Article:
The Importance of a Residential Lease

When it comes to renting a home, a Residential Lease is an essential document for both landlords and tenants. It establishes the responsibilities and rights of both parties, provides legal protection and stability, and is an important tool in protecting tenants from negligent landlords.

There are several types of residential leases that are suitable for different situations and needs. The most common are fixed-term and month-to-month leases, but it is also important to understand what other kinds of agreements are available for renters.

Legal Protection

A Residential Lease is the perfect vehicle to convey your legal rights and responsibilities to your landlord. A lease will help you and your landlord avoid disputes about rent, repairs, evictions, etc.

A well-crafted Residential Lease will also eliminate many of the more common problems that arise between a landlord and a tenant, and save you time and money in the long run.

In New York, we have a couple of laws that are specifically designed to protect you as a tenant.

One of the most important is the Fair Housing Act. Its main goal is to protect renters from discrimination based on their race, gender, age, religion, disability, marital status, sexual orientation and other factors.

Another good law for New York tenants is The Emergency Tenant Protection Act (ETPA). Its most notable feature is its use of the newest technology to give you a break from a re-rental if you have moved out before your lease or rental agreement has expired.


Flexible leases are a great option for people who may not be able to commit to long-term leasing contracts. This could be due to a temporary job relocation, an internship in a new city, or even just a sudden shift in your lifestyle.

For those looking for a flexible living situation, month-to-month rentals are becoming more popular than ever before. This type of leasing allows you to move into a home on your terms, so you can find the right space for your needs.

Often, a flexible rental will also be less expensive than a longer-term lease. This is due to the lower risk associated with renting out a property for short periods of time.

This type of flexible rent can be used for a variety of situations, from renting out a house in a new area to leasing a commercial property for your business. Regardless of the purpose, flexible rent offers many benefits for both landlords and tenants alike.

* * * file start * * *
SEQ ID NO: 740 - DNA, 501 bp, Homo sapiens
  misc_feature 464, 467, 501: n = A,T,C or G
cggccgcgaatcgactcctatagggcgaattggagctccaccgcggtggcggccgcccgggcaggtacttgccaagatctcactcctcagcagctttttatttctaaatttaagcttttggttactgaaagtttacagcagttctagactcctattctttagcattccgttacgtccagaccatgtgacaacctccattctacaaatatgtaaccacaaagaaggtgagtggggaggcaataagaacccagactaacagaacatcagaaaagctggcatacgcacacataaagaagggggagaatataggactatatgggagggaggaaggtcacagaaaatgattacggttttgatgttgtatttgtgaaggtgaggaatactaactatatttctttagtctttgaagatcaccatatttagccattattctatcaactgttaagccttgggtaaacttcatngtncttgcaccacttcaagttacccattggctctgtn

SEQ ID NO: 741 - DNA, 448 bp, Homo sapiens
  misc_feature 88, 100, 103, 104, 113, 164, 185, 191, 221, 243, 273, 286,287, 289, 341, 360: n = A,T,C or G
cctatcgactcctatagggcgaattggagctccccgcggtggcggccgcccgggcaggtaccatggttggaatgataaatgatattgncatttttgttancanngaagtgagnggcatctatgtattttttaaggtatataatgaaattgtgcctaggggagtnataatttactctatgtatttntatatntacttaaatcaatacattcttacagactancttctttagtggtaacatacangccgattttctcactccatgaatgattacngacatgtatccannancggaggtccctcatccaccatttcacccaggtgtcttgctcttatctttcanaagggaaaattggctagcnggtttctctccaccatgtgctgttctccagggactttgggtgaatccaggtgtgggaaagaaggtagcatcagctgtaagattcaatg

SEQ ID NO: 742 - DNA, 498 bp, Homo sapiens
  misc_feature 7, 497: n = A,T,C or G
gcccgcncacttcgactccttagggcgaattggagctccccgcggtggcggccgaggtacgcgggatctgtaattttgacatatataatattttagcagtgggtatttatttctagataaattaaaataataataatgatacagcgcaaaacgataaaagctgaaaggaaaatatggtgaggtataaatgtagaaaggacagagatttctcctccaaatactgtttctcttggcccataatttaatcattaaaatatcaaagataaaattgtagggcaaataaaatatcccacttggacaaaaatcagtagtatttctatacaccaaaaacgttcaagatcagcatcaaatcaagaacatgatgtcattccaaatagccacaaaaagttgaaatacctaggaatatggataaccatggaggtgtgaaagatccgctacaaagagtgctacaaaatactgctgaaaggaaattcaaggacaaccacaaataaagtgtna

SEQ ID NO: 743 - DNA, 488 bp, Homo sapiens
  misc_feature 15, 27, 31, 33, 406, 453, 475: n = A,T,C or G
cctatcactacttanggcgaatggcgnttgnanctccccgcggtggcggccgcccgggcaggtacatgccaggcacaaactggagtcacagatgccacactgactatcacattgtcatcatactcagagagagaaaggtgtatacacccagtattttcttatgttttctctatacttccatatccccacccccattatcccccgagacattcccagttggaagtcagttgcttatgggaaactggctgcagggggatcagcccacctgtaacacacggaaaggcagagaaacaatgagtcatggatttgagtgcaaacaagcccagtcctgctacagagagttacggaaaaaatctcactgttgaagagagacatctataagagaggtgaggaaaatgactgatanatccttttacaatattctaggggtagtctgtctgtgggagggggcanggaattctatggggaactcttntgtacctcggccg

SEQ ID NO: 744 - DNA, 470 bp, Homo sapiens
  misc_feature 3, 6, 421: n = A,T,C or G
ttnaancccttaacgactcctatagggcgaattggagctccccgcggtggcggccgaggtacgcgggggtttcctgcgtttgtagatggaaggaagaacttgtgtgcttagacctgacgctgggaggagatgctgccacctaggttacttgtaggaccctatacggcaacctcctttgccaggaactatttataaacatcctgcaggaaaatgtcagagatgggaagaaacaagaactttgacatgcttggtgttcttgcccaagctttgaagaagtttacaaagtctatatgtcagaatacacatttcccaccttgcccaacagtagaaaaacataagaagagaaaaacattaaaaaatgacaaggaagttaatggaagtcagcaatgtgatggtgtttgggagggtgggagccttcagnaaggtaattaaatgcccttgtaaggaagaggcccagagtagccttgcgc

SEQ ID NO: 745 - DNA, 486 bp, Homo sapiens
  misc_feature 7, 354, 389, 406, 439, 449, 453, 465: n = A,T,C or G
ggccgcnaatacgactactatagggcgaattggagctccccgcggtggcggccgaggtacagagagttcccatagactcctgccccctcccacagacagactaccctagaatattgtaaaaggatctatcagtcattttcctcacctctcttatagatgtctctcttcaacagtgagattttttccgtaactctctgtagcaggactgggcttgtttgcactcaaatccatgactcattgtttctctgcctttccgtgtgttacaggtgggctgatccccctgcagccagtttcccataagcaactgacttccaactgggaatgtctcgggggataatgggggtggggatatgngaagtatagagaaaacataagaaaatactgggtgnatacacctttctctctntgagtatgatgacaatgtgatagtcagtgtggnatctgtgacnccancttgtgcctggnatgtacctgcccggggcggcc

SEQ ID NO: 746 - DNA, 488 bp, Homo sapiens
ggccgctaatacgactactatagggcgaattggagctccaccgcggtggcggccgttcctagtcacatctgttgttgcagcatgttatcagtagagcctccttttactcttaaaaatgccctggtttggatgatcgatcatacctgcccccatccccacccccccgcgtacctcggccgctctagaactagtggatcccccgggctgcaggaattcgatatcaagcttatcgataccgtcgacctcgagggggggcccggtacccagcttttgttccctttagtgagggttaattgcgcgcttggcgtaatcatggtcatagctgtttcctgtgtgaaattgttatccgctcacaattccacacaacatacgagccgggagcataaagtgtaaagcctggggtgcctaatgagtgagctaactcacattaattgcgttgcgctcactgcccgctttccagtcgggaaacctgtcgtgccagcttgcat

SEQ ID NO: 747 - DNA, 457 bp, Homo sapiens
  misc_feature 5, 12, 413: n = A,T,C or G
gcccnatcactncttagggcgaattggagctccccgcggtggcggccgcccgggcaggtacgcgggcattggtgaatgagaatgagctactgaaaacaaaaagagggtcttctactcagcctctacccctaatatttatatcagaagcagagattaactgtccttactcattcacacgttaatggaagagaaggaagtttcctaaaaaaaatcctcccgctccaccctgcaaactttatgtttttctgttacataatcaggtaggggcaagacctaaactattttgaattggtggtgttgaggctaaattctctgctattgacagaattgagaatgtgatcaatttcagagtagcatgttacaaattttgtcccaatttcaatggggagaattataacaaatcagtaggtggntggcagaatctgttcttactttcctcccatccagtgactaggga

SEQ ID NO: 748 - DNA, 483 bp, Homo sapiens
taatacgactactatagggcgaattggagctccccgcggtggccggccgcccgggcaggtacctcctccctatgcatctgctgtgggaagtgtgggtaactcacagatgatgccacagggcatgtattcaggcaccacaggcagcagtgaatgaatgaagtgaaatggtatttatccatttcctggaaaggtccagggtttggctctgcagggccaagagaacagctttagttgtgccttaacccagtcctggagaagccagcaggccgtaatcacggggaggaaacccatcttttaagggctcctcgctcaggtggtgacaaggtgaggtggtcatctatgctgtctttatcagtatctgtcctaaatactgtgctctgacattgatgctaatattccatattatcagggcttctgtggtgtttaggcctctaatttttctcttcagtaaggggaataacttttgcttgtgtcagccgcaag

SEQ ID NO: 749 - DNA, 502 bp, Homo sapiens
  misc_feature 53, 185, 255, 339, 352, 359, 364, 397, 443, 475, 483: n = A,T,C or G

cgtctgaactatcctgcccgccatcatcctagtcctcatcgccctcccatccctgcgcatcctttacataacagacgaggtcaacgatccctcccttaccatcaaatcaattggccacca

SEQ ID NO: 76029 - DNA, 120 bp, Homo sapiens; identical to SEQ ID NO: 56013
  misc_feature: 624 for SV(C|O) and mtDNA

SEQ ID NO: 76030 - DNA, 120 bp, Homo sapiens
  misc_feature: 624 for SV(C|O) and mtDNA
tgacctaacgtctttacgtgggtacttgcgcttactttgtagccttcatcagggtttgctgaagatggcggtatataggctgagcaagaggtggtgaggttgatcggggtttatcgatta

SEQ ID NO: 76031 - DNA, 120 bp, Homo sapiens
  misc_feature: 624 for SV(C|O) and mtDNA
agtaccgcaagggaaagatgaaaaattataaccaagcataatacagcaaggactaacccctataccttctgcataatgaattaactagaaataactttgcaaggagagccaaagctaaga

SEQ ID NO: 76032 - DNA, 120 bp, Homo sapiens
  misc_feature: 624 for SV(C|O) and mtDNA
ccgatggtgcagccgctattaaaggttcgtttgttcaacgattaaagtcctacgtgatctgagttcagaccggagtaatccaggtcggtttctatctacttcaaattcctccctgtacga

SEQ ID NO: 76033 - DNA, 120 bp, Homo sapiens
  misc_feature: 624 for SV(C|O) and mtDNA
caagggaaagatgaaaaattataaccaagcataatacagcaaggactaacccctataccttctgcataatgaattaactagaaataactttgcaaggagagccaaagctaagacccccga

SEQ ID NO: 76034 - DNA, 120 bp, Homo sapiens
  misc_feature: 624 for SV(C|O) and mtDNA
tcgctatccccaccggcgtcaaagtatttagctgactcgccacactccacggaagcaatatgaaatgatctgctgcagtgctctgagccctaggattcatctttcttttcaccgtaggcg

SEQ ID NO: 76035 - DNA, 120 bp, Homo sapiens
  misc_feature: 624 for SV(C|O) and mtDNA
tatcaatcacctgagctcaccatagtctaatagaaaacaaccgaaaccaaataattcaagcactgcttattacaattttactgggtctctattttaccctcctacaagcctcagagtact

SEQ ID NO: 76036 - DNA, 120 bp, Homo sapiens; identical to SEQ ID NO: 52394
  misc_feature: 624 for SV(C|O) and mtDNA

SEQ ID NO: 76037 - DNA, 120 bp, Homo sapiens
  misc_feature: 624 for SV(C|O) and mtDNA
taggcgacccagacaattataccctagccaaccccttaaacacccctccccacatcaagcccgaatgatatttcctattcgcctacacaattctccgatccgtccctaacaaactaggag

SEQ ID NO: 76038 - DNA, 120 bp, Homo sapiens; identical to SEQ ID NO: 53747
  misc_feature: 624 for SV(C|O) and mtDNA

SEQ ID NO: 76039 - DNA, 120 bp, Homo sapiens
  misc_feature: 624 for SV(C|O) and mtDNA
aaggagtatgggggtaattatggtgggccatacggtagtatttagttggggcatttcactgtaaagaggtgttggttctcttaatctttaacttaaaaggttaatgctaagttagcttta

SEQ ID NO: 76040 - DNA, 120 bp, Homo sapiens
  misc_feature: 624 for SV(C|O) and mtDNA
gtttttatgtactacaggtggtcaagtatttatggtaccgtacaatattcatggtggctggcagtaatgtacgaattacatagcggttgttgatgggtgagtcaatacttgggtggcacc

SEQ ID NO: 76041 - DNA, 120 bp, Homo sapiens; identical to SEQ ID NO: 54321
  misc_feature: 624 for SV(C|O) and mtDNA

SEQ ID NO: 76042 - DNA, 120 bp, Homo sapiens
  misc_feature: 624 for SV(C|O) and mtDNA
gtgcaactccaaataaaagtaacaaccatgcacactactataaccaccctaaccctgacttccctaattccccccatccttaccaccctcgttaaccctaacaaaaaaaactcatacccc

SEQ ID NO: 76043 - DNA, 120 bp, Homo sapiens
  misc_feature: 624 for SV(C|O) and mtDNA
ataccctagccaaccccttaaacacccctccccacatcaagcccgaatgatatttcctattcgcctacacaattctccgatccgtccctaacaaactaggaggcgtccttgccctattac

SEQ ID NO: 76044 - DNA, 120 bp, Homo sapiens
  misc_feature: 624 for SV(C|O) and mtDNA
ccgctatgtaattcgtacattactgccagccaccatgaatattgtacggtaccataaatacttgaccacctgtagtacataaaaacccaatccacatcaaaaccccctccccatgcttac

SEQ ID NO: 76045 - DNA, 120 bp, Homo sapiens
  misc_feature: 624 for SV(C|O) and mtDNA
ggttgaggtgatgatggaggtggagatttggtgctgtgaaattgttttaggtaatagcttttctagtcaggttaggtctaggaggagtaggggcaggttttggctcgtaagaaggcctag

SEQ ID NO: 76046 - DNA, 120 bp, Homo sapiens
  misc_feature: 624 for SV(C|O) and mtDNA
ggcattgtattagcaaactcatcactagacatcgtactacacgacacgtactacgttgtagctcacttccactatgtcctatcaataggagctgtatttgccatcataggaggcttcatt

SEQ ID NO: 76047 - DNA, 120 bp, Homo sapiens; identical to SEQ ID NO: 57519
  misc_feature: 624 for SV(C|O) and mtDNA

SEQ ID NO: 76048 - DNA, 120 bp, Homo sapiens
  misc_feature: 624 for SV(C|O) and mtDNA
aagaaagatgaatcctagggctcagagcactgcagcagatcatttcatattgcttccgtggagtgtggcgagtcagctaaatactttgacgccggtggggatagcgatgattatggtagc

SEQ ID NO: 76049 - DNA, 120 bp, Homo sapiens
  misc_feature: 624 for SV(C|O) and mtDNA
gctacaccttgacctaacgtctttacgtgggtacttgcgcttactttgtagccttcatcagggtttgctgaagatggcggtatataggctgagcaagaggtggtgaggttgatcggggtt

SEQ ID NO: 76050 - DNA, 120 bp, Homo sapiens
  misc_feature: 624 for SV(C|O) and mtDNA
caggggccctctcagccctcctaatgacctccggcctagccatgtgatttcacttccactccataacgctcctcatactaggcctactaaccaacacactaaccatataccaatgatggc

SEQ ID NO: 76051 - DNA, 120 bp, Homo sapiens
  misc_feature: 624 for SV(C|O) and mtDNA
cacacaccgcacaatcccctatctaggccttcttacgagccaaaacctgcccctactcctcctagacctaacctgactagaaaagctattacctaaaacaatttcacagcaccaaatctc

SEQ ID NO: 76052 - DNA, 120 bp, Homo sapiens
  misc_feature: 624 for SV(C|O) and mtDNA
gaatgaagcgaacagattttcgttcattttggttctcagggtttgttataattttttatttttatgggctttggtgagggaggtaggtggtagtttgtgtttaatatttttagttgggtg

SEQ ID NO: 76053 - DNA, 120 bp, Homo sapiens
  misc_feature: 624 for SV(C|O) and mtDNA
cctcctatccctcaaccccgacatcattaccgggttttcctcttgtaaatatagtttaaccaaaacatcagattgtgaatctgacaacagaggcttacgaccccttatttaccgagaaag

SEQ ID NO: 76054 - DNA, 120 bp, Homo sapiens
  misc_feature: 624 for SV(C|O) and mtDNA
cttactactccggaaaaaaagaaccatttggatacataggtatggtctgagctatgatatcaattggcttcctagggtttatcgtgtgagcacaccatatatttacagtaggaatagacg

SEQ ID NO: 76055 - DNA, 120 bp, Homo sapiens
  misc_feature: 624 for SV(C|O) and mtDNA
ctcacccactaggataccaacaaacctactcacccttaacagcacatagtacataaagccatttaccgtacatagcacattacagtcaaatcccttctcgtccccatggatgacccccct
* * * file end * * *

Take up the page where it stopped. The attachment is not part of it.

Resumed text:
Security Deposits

Security deposits are a standard part of a Residential Lease, and they help protect your property. The money is collected from the tenant upfront, and is returned to them when they move out unless they are behind on rent or have caused significant damage to the property.

Landlords must return the security deposit and any accrued interest to tenants within a specified time frame, depending on your state’s laws. The time period varies, so it’s important to know your state’s landlord-tenant laws prior to moving in.

In New York, for example, owners of apartment buildings with six or more rental units must keep a portion of the security deposit in an interest-bearing account. The owner may also keep 1% of the balance each year for administrative fees, but the rest belongs to the tenant. At the end of a lease, the landlord has to either return the balance with interest or reduce the tenant’s last month’s rent with the deposit amount.


One of the most basic landlord responsibilities is to provide tenants with a safe and habitable rental property. This is often referred to as the Implied Warranty of Habitability, and it’s a legal standard that makes sense.

Maintenance is another important landlord responsibility. Unless the lease specifically assigns this duty to the tenant, it’s generally the landlord’s job to keep the electrical, plumbing, heating and air conditioning systems in working order.

Landlords also need to make sure that the tenant can operate safety devices like sprinkler systems, smoke detectors and carbon monoxide alarms correctly. Additionally, they must ensure that the exterior doors and windows in a building lock properly and safely. Lastly, they must be mindful of noise levels in the building and report any complaints to authorities as quickly as possible.

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